NTM can enter the lungs directly through exposure to the environment. Because the organisms live in so many different environments, it is difficult to avoid all possible environmental sources of infection. Consider taking steps to limit breathing in water, soil, or dust. It is unclear if NTM can be passed from one person to another, so consider taking precautions to minimize the risk of cross-infection. 

In North America, nearly 75% of NTM are MAC and 25% are M. abscesses. In general, MAC is seen in older people who have more mild disease and M. abscessus is associated with more advanced disease and a more rapid decline in lung function. 

Diagnosing NTM Lung Disease

NTM lung disease can be challenging to diagnose. NTM is diagnosed by analyzing special cultures of your sputum for the presence of NTM. NTM infections can be detected only if these special cultures are ordered by your doctor. Clinical guidelines recommend yearly screening for NTM.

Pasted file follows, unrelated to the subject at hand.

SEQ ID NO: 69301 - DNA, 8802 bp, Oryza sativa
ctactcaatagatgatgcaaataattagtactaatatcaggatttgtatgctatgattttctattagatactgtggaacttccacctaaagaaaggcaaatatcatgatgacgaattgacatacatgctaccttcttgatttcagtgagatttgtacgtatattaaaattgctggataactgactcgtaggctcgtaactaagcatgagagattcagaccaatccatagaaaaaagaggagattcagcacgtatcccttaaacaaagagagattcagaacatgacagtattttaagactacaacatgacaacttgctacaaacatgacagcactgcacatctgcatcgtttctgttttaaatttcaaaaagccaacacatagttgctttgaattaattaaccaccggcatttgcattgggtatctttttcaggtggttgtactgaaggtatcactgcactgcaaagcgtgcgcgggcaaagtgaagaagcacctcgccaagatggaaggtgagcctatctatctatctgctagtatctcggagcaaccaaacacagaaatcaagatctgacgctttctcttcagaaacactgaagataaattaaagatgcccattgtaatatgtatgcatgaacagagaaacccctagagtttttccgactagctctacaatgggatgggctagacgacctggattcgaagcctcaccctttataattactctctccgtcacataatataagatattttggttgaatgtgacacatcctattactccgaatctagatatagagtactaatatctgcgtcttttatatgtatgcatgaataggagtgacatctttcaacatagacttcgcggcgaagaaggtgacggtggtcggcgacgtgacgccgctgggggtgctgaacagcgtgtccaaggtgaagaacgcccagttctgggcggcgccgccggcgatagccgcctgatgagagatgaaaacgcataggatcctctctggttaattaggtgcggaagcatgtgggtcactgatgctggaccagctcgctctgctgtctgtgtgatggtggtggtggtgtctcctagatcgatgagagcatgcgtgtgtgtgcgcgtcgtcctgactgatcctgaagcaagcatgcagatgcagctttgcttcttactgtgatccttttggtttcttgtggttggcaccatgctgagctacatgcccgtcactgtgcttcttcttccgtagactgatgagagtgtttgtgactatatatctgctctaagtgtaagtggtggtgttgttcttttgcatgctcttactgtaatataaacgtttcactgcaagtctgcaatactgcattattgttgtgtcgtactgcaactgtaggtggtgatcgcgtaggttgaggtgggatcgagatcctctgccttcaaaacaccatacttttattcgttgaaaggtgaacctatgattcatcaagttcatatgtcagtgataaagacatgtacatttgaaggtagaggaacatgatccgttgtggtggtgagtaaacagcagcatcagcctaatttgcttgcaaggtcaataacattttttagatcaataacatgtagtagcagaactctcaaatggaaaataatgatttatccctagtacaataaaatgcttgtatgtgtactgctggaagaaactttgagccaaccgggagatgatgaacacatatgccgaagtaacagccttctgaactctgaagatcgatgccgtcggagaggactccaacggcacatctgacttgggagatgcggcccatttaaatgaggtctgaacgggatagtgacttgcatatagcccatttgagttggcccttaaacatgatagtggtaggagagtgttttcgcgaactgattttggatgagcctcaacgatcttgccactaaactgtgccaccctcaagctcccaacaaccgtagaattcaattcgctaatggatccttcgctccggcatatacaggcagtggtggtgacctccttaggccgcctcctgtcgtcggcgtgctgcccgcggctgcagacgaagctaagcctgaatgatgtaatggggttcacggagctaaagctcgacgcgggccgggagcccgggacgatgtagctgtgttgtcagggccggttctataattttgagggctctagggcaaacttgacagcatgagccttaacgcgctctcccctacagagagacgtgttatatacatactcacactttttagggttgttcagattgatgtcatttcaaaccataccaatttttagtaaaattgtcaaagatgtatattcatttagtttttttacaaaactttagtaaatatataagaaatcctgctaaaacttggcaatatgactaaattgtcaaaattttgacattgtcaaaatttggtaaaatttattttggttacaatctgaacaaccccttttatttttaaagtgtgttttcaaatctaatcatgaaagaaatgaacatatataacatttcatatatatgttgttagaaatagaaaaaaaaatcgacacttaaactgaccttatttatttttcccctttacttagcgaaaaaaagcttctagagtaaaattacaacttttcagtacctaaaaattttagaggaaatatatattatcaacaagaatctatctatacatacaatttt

Sputum samples can be taken from what you cough up, from sputum-induction (with saline), or from bronchoscopy (when a fiber-optic tube is passed into your lungs to get samples). To help make sure the test is accurate, the sample must be taken from the lungs and not from a throat swab.

An important thing to remember is that even if NTM is found in your sputum culture, it does not mean that you have NTM lung disease. Typically, after a positive culture for NTM, your doctor will confirm it with one or more additional cultures. If cultures for NTM are repeatedly positive, your doctor may get a high-resolution chest computed tomography (CT) scan to look for clues of NTM disease and find out its extent.  Unfortunately, even with a CT scan, it can be difficult to distinguish NTM lung disease from the normal findings seen in CF lung disease in people who do not have NTM lung disease.